Sustainability has become a buzzword over the past twenty or thirty years. It’s a term as likely to be heard in corporate boardrooms as at an environmental rally. That fact itself is something of a success story for the environmental movement overall. But the real story is in what the thousands of non-profit and non-governmental organizations worldwide have been doing over the decades to help shift the global conversation to conservation.
But buzzwords and conversations don’t save the planet by themselves. You have to get your hands dirty to truly fix the issues the Earth and humanity faces. It takes hard work and real commitment to dive into the many individual and interconnected problems stemming from the industries and systems that have driven unsustainable development.
Although every NGO engaged in the effort is making a difference and doing valuable work, there are some key sustainability initiatives that have had more of an impact on the planet and our environment than others. From the Save The Whales slogan to the Chesapeake Clean Water Blueprint, it’s a single idea or key insight that drives a movement and galvanizes action – far beyond the confines of a tiny non-profit office. And when that happens, the movement becomes a whole lot bigger than the NGO that got the boulder rolling.
In recent decades, these seven initiatives and their associated non-profits have proven to be the top movers in global sustainability efforts.
Nature Trusts : The Nature Conservancy
A simple idea that has had a major impact in environmental conservation is one that has been advanced by The Nature Conservancy consistently across the course of that storied non-profit’s 69-year tenure: use the existing structure of property rights and legal protections to advance conservation issues. And it’s done in the most straightforward way possible: purchasing land and easements to prevent unsustainable development of natural landscapes.
Setting aside land or land-use rights and placing them in trusts for the good of future generations is an even older idea, going back to the mid-1800s and underlying the movement that established the current federal system of national parks and monuments. But the limitations on government that come with the constitutional system leaves many important places unprotected.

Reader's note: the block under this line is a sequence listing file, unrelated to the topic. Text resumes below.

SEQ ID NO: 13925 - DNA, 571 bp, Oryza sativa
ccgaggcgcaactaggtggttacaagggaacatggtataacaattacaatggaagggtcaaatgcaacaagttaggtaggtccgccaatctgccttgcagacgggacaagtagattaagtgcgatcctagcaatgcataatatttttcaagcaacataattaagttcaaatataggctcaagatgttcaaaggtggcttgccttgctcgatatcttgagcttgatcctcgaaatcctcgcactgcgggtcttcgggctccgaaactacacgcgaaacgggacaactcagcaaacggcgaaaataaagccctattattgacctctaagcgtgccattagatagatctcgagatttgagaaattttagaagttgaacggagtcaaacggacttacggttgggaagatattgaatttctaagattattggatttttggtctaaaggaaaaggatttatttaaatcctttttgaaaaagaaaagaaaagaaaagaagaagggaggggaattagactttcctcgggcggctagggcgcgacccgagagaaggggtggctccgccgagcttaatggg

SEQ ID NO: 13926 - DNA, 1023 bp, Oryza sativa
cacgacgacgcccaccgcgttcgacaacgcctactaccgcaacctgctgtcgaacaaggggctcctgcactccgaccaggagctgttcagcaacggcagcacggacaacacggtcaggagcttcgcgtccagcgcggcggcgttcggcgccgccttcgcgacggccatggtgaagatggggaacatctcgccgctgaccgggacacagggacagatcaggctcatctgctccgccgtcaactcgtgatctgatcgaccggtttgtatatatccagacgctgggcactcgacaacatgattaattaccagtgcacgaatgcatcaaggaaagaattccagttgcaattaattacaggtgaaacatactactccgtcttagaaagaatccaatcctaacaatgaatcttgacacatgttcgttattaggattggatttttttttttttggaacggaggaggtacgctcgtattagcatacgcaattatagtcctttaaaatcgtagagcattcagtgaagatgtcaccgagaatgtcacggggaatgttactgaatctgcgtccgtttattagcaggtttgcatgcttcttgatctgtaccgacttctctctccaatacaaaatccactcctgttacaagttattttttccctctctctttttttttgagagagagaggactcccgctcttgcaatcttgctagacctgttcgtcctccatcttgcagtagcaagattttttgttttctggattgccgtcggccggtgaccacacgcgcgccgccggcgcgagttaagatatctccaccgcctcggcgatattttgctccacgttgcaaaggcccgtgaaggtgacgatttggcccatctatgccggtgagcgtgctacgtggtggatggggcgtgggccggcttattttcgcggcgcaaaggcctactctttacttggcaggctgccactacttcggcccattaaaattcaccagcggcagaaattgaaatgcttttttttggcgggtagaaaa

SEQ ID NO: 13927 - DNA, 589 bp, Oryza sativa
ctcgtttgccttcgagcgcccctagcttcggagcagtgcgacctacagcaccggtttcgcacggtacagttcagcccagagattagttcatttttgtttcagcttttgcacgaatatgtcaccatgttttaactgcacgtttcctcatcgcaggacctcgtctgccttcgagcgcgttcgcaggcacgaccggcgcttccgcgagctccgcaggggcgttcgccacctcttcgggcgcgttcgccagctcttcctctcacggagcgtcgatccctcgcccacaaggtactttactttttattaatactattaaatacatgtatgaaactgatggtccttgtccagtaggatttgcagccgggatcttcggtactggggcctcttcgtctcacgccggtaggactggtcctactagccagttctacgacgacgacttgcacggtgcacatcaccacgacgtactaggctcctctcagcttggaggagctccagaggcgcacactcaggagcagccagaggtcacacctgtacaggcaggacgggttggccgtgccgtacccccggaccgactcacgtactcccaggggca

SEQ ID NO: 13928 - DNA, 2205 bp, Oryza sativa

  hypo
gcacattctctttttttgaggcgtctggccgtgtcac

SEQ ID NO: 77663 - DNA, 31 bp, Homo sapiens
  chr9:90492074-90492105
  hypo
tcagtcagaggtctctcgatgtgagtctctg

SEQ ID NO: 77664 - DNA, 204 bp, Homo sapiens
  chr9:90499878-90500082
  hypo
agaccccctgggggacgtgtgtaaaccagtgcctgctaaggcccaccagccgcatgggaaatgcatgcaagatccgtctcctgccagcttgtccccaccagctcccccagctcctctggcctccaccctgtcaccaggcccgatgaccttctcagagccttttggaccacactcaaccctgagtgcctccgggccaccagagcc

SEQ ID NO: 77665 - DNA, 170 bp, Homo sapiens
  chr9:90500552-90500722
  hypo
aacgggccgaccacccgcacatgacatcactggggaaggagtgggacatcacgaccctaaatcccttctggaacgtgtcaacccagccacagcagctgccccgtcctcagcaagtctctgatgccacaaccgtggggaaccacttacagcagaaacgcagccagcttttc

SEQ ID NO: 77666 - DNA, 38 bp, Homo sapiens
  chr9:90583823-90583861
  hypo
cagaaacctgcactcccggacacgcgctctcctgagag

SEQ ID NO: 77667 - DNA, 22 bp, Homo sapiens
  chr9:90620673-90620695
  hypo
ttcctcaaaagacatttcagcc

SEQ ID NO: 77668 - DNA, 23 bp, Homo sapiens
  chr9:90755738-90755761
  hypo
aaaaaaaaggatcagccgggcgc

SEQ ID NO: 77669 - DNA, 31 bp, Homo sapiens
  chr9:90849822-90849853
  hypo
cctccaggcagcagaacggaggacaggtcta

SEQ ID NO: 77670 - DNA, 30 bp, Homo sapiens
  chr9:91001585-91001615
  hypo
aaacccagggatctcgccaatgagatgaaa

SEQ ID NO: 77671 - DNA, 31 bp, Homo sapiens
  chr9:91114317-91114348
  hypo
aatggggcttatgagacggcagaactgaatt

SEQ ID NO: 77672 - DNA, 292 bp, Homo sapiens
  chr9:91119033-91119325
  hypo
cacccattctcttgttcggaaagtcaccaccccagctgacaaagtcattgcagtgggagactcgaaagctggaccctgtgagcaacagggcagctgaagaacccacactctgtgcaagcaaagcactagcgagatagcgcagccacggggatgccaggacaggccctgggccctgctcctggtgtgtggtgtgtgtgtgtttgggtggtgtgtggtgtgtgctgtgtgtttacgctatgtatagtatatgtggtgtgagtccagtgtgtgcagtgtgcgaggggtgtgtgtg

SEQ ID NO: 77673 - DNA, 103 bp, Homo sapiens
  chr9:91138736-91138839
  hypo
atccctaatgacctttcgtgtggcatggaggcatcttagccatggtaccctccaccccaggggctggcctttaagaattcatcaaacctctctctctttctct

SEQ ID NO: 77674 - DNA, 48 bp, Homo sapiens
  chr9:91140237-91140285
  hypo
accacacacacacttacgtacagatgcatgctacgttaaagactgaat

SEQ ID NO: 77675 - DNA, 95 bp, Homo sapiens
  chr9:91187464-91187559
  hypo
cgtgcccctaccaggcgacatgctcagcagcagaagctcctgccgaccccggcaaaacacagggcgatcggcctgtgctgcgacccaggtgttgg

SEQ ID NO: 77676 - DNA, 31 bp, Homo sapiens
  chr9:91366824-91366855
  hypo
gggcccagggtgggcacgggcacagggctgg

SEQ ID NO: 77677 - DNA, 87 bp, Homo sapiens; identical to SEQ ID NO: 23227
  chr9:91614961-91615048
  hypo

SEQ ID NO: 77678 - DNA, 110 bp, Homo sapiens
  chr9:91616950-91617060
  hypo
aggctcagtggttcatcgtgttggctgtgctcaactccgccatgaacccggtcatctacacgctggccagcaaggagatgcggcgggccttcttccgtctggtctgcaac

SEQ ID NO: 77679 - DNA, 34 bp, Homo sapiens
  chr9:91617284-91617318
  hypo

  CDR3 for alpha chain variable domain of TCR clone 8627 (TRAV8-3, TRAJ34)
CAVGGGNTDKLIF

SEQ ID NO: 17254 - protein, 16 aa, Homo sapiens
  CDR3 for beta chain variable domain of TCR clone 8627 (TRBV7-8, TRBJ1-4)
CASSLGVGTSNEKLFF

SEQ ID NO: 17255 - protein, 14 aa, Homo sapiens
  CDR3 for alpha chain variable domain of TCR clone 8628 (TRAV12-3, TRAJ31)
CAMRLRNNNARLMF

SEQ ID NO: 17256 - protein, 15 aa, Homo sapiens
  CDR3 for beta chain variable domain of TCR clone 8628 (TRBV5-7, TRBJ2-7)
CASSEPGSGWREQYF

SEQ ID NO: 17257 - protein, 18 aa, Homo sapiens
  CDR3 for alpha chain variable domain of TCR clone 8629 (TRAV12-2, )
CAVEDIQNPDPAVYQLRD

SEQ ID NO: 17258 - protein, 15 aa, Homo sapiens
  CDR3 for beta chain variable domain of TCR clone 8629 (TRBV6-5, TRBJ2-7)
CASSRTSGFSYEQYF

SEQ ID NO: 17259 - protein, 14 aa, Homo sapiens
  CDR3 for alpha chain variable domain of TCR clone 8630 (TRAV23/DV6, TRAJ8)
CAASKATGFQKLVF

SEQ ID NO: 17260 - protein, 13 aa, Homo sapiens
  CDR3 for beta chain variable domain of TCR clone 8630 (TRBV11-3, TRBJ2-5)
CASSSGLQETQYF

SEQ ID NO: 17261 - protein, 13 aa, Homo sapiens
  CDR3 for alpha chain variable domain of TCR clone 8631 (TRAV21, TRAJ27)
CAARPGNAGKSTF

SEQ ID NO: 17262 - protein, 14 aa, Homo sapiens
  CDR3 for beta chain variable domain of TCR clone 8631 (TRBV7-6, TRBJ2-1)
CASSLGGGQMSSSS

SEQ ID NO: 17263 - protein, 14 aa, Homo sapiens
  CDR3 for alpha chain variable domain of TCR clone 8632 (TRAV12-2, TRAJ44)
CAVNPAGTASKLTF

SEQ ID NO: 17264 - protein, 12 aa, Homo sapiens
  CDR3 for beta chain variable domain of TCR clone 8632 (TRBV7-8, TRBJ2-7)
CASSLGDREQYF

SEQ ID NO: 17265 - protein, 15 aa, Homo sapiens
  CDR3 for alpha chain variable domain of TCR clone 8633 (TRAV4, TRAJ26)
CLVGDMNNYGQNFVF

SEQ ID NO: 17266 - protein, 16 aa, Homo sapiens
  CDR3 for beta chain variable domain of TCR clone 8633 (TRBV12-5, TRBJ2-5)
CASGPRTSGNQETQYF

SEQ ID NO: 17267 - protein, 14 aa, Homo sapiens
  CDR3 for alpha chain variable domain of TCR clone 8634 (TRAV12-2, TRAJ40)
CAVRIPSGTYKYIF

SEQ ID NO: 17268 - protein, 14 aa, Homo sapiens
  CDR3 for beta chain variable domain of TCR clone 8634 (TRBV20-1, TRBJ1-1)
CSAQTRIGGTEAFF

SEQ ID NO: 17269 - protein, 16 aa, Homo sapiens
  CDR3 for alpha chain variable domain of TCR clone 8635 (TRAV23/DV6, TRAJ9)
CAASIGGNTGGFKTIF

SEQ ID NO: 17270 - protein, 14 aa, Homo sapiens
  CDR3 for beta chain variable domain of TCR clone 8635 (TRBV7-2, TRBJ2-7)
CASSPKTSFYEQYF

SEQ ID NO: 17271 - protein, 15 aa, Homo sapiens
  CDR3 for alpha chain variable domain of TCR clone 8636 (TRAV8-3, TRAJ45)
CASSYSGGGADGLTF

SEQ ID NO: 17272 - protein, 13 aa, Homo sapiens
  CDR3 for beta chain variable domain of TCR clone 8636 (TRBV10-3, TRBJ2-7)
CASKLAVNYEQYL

Using the capitalist system to purchase those land and rights is a sort of judo move that has protected more than 125 millions acres of land in nearly 80 countries, and spawned local and regional off-shoots that have protected even more. Of course, this strains the definition of actions that have taken place “in recent years” but the lasting and accelerating adoption of nature trusts simply proves that good ideas in sustainability don’t go out of style!
Leadership in Energy and Environmental Design (LEED) : U.S. Green Building Council
Spearheaded by the U.S. Green Building Council, it’s hard to think of a sustainability initiative that has had more day-to-day impact on our lives than LEED… even if we don’t typically realize it. But every day, you walk in and out of structures built of more sustainable materials, using better practices, and higher grades of energy efficiency – and all of it has been driven by this now-global standard for sustainable design and construction.
LEED began in the mid ’90s and has become the de facto global standard against which sustainable building designs are measured. Once a single standard for new construction, the initiative now offers ten different standards aimed at different types of building and levels of sustainable practice. As of late 2009, according to Statista, the number of LEED-certified buildings globally was approaching the 100,000 mark, with new projects announced all the time.
Sustainable Sites Initiative : Green Business Certification, Incorporated
In the same way that LEED has transformed global architectural standards, SSI aims to revolutionize landscape architecture for more sustainable and resilient land development projects. Administered by Green Business Certification, Inc., it’s run in cooperation with the Green Building Council, offering hand-in-hand guidance for sustainable development projects, whether they involve buildings or not.
That has resulted in better practices and conservation efforts in places like Hong Kong’s Avenue of Stars, The Center in Indianapolis, Chicago’s Navy Pier, and the Dell Medical District at UT Austin. The initiative has had a wide range of influence on diverse projects, from corporate campuses to city parks. What they all have in common is a low impact, sustainable approach to development that works hand-in-hand with nature and industry.